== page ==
[I would even go so far as to suggest that for those working in identity politics, that some of the most provocative and incisive work comes from those who are not personally invested in the game. Yes, that is an impolitic thought; it may also be quite accurate.]

Students of color have been mixed in their response. Some are excited to find out that there are white scholars doing rigorous and interesting work on issues of race, power, politics, history and society. Many are especially positive in their response to folks like Tim Wise, because he echoes and validates all of the things that black and brown folks have been saying about white racism for years. Other students of color are annoyed that in their eyes, even in discussing "their" history, white folks are at located at the center of the narrative.

They ask, "why does a white person have to recycle what black and brown people in this country have been saying for centuries for it to be taken seriously?"

By comparison, socially engaged and intellectually curious white students appear validated. A white scholar working on these issues gives them currency and license to participate in the conversation. Other white students are made to feel defensive, and are upset that they are forced to confront the fact that yes, there are white people who are critical of white supremacy.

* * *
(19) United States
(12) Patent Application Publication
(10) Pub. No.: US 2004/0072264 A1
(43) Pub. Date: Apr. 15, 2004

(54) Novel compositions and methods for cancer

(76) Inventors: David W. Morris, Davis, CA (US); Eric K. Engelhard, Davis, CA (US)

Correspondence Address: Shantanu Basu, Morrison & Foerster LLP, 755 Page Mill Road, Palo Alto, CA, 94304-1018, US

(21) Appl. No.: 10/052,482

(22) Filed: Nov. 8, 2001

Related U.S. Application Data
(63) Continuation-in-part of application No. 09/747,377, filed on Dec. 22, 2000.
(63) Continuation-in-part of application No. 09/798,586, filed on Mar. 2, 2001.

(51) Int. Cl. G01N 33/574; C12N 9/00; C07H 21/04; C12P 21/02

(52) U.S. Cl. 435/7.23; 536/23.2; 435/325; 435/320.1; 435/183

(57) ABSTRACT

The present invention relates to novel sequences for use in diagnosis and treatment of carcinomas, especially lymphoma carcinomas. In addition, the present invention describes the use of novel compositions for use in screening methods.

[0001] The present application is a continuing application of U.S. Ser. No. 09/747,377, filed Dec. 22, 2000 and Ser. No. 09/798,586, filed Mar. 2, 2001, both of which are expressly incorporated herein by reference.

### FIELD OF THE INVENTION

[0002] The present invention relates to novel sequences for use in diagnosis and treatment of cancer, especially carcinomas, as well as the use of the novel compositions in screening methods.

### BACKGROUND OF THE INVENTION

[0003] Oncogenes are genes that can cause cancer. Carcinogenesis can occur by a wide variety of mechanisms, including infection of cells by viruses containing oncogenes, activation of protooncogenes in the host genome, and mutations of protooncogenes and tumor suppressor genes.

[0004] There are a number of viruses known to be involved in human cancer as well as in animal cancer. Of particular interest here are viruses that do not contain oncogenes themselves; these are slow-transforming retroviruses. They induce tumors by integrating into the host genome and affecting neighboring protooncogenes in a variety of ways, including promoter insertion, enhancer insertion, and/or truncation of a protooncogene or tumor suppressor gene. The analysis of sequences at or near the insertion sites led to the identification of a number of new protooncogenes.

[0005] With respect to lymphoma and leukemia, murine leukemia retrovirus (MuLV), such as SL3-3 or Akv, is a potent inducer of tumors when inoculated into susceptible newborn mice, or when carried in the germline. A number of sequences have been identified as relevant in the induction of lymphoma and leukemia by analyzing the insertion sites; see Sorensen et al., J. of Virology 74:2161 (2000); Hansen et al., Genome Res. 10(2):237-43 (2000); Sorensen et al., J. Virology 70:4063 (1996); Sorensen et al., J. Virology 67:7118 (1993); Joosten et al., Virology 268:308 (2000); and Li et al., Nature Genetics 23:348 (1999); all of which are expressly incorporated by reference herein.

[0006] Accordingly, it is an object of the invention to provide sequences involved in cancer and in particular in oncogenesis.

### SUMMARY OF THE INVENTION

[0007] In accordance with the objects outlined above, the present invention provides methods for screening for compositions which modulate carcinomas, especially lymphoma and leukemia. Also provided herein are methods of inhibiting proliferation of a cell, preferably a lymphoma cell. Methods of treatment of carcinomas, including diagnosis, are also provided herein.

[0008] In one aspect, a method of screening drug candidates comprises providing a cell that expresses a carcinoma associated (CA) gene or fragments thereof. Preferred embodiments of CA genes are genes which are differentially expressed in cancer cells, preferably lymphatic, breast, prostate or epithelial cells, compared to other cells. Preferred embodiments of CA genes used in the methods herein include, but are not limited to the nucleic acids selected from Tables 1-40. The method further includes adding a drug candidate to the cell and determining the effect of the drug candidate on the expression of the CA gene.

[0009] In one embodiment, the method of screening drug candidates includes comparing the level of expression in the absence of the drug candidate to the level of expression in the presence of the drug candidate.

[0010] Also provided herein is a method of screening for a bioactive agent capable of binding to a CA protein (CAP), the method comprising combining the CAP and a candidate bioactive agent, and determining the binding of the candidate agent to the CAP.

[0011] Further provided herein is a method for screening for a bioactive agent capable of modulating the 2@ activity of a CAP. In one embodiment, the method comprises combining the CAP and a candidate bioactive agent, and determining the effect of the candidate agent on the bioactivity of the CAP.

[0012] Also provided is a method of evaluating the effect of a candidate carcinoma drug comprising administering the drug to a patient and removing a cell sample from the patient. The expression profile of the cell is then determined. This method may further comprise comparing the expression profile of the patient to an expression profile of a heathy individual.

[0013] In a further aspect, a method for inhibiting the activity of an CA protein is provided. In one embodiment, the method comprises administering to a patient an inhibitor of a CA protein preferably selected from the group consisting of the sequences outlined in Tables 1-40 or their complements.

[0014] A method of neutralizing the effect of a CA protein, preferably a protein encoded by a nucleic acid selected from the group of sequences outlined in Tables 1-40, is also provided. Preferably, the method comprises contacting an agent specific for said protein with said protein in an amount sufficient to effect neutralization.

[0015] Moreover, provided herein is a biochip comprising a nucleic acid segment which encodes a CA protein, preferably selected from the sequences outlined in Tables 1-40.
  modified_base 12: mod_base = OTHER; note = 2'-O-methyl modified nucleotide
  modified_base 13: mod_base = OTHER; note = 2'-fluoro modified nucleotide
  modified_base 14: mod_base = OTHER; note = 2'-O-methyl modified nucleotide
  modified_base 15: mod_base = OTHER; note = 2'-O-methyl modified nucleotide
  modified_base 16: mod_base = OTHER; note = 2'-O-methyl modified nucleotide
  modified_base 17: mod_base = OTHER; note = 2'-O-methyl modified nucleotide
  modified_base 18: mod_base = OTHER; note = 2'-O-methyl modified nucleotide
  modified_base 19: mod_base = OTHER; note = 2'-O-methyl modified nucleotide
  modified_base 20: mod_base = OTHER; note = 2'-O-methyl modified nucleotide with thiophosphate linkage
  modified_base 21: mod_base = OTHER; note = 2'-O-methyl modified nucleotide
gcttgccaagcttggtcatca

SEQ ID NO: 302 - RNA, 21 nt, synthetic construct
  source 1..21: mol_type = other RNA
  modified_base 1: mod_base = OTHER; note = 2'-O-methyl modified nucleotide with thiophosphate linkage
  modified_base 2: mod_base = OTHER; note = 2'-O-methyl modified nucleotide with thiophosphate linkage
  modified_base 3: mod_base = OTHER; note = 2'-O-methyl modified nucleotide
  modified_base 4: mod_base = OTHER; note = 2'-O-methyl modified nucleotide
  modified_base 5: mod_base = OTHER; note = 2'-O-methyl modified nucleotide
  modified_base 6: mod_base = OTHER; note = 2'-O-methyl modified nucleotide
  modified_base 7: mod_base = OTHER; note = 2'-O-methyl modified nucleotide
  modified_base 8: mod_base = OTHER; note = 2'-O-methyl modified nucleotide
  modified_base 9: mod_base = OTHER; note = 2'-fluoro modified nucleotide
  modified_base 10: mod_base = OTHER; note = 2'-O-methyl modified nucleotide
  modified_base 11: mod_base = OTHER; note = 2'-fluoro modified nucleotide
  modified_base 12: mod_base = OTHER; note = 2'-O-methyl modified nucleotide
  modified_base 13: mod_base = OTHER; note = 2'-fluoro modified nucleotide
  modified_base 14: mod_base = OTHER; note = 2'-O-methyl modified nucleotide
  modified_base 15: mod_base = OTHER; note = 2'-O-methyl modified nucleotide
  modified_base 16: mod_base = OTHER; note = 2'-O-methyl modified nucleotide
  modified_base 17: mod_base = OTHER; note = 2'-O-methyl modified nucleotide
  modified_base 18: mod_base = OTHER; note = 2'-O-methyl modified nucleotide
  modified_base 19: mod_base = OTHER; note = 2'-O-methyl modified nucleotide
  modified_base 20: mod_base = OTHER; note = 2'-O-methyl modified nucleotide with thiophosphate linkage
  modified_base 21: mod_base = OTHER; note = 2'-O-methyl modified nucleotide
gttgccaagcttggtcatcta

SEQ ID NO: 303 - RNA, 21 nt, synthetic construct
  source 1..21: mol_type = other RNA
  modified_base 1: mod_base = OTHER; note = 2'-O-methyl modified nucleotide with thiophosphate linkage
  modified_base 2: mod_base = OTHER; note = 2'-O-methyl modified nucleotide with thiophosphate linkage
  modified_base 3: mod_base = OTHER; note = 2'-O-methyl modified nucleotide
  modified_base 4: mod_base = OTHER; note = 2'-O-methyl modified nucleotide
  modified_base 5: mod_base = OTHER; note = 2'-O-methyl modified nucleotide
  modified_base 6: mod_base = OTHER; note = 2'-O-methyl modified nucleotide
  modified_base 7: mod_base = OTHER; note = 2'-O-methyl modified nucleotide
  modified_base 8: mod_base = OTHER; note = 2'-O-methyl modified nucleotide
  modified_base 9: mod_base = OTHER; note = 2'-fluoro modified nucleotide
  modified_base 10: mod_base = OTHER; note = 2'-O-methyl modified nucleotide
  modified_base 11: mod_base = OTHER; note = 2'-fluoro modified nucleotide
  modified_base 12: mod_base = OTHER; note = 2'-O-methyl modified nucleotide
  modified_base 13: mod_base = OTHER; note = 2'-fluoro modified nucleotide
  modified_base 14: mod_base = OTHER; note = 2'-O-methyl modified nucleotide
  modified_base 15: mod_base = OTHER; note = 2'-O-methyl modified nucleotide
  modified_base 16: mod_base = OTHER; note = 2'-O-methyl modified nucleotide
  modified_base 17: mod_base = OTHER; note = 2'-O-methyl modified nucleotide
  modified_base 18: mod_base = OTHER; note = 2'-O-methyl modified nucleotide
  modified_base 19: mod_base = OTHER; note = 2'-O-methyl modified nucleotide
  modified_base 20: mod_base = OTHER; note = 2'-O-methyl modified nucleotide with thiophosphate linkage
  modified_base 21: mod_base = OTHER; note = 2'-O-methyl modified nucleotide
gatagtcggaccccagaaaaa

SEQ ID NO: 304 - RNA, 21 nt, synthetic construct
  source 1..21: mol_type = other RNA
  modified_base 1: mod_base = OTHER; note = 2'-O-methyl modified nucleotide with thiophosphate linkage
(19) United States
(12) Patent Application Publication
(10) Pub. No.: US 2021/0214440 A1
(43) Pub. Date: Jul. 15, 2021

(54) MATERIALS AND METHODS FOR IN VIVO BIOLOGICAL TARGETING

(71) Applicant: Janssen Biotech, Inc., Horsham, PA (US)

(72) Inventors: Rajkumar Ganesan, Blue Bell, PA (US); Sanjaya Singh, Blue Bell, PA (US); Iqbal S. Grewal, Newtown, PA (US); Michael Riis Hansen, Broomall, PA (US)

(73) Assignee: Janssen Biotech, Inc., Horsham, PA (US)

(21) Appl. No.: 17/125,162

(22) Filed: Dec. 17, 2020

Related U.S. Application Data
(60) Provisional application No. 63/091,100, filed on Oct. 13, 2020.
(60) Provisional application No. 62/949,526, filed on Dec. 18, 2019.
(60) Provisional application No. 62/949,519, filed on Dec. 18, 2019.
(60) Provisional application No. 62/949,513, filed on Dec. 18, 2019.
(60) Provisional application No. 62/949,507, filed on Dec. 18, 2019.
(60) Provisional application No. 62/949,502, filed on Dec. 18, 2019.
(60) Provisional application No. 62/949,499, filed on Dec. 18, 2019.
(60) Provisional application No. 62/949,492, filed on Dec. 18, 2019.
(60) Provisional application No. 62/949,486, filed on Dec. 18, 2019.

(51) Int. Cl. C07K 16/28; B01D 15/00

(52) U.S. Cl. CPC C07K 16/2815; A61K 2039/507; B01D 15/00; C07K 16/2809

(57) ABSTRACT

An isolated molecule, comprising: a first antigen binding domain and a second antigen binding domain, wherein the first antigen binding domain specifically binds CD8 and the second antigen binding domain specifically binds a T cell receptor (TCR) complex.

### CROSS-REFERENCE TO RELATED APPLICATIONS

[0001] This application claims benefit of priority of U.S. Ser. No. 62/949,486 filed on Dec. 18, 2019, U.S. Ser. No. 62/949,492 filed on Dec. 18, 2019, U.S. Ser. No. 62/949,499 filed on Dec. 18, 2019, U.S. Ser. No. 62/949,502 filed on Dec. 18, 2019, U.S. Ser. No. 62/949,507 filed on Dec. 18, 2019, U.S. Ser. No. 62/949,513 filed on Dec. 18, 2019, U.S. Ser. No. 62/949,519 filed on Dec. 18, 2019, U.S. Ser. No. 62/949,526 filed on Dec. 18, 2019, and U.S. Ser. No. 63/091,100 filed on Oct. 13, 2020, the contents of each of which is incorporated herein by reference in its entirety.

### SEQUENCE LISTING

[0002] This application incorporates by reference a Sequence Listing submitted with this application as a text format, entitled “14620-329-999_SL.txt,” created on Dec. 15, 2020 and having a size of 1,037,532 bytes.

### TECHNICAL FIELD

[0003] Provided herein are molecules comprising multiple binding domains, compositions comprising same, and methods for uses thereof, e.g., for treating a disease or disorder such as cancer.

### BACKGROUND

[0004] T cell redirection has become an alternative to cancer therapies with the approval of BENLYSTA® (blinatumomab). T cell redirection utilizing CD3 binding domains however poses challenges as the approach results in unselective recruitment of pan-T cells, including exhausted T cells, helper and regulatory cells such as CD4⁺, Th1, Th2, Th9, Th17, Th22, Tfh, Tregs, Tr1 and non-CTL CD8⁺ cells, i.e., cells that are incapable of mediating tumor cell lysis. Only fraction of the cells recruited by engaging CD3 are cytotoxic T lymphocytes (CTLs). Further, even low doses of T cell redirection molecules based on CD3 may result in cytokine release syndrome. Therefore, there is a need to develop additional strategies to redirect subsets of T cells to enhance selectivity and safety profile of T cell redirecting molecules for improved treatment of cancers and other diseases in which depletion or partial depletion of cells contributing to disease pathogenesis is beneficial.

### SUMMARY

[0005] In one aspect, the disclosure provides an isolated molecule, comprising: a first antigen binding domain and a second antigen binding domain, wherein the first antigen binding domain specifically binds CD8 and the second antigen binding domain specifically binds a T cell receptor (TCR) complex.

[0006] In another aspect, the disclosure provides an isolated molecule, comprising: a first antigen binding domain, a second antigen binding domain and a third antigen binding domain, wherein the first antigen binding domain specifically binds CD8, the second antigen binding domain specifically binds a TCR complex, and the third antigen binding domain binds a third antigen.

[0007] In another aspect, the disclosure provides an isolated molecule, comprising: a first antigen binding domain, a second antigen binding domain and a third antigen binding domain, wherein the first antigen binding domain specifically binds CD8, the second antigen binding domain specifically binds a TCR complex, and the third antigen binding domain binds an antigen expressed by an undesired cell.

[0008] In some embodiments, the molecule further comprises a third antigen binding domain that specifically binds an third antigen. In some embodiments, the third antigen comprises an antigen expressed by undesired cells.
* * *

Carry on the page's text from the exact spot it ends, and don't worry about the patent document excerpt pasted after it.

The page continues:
Moreover, this "race stuff" is no longer just a "black thing." It becomes a matter of critical importance which they now have ownership and responsibility over. Folks like Wise and Litwak neutralize the deflections offered by Whiteness even as they simultaneously arouse them. Such moments of defiance, upset, cognitive dissonance, and fear are wonderful things to behold. From said disruption, there is a chance for real learning.

What have been your experiences on this matter? Can you teach "black" while using "white" authors? For those who have had to organize a class, do you perform a personal inventory of the types of voices included on the syllabus?

Do those outside of a social or demographic group have a particular insight that those within it do not possess? How do we do this calculus? Whose voices do we privilege?